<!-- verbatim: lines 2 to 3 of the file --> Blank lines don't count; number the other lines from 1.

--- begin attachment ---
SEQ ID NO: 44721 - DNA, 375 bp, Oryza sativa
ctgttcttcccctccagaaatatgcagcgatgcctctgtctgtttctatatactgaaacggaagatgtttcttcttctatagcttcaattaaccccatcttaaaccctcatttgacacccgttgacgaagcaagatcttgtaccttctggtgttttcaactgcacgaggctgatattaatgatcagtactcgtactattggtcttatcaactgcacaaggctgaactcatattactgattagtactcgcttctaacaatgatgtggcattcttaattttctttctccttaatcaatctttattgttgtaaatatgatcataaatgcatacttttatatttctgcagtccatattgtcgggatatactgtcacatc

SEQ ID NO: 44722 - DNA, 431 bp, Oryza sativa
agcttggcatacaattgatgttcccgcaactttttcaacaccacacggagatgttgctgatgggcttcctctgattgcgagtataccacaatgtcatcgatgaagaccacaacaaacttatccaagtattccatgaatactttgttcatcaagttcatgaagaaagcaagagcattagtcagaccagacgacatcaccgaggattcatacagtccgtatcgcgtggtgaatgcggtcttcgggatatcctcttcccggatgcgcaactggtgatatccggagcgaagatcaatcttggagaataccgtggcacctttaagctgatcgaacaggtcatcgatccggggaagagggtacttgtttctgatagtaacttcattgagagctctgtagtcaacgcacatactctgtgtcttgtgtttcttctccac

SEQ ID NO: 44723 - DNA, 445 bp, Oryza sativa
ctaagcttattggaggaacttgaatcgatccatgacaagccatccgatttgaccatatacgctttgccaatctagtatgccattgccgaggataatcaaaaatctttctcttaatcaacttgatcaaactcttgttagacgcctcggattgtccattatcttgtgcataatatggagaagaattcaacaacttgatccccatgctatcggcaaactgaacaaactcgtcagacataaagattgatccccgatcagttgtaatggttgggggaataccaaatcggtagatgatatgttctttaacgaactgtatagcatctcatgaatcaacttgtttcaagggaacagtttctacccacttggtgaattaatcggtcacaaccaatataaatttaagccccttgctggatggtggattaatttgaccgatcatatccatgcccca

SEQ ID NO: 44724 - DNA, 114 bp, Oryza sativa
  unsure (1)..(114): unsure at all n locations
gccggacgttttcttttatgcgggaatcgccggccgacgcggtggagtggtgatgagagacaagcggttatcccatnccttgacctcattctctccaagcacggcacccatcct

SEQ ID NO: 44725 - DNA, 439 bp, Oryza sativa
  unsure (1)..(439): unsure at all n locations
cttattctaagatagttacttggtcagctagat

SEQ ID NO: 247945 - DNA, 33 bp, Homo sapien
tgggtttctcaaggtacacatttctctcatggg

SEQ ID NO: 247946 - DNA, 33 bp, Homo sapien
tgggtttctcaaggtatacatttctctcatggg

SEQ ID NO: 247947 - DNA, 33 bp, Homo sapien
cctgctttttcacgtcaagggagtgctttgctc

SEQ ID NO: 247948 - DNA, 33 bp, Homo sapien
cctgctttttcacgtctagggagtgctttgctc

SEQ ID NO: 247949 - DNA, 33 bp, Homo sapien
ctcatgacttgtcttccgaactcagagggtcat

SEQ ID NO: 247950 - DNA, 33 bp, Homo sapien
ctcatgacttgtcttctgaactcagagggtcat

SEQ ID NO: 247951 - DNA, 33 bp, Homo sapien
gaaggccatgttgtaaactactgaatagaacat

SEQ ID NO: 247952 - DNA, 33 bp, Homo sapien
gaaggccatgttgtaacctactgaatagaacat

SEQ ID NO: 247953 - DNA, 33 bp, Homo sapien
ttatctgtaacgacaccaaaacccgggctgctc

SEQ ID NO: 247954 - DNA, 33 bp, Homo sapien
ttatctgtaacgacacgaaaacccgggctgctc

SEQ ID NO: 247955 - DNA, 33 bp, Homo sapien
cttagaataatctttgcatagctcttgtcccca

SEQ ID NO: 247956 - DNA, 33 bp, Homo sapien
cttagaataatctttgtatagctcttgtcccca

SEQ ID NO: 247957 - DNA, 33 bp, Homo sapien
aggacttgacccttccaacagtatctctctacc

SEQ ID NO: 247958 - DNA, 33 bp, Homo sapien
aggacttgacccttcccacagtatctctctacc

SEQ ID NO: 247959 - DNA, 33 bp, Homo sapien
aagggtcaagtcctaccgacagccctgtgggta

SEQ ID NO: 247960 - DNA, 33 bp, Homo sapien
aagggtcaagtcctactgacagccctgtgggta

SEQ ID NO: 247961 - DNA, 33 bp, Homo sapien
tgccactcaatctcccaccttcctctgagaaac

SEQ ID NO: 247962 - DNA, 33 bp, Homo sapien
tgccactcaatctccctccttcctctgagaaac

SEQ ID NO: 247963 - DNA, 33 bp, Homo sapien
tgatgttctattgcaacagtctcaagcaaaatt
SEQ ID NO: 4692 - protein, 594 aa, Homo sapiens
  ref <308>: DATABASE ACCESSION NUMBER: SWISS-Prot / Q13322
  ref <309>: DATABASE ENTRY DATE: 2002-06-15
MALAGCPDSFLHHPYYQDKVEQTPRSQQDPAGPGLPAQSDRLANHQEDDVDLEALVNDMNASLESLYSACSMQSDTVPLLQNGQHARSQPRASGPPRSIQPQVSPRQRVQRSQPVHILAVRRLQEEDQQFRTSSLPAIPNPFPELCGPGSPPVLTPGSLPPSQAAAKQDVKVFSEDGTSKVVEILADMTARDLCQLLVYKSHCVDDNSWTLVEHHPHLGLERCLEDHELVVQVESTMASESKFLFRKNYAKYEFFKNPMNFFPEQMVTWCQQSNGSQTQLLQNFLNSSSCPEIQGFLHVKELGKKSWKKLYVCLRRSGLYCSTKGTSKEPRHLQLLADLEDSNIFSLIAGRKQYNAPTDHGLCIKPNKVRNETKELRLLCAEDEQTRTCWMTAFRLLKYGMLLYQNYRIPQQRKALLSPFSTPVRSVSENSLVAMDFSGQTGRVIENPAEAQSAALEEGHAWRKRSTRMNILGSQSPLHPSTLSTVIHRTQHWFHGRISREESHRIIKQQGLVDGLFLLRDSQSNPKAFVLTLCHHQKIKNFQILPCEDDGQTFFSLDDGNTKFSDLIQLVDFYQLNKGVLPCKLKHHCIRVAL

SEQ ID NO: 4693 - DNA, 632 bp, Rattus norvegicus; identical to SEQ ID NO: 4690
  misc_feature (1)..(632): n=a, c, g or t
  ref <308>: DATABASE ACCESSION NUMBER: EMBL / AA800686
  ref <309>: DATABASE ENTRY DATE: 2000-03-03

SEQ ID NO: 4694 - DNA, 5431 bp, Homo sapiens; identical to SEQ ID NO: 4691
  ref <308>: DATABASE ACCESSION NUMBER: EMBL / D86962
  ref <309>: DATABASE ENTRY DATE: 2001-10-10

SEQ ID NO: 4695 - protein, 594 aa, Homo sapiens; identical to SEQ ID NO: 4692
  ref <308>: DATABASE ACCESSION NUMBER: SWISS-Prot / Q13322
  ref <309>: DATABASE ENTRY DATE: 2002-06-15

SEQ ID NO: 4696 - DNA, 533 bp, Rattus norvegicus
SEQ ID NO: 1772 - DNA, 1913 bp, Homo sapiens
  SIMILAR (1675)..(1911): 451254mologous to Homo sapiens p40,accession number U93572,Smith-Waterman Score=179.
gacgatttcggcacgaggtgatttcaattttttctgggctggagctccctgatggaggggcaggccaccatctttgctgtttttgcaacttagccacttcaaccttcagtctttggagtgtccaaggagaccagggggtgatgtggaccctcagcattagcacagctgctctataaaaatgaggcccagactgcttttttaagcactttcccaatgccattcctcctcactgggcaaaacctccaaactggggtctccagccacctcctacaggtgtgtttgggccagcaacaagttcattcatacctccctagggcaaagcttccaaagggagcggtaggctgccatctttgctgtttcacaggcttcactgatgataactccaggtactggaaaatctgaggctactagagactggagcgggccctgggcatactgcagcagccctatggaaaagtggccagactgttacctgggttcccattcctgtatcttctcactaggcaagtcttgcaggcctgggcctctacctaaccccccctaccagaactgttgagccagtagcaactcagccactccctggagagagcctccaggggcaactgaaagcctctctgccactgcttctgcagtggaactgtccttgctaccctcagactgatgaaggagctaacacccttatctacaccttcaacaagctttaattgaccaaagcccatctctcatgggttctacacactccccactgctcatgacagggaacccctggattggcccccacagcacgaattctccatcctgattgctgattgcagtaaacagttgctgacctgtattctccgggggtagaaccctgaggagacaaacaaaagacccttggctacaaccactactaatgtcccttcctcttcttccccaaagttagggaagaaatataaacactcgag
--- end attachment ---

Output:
ctgttcttcccctccagaaatatgcagcgatgcctctgtctgtttctatatactgaaacggaagatgtttcttcttctatagcttcaattaaccccatcttaaaccctcatttgacacccgttgacgaagcaagatcttgtaccttctggtgttttcaactgcacgaggctgatattaatgatcagtactcgtactattggtcttatcaactgcacaaggctgaactcatattactgattagtactcgcttctaacaatgatgtggcattcttaattttctttctccttaatcaatctttattgttgtaaatatgatcataaatgcatacttttatatttctgcagtccatattgtcgggatatactgtcacatc

SEQ ID NO: 44722 - DNA, 431 bp, Oryza sativa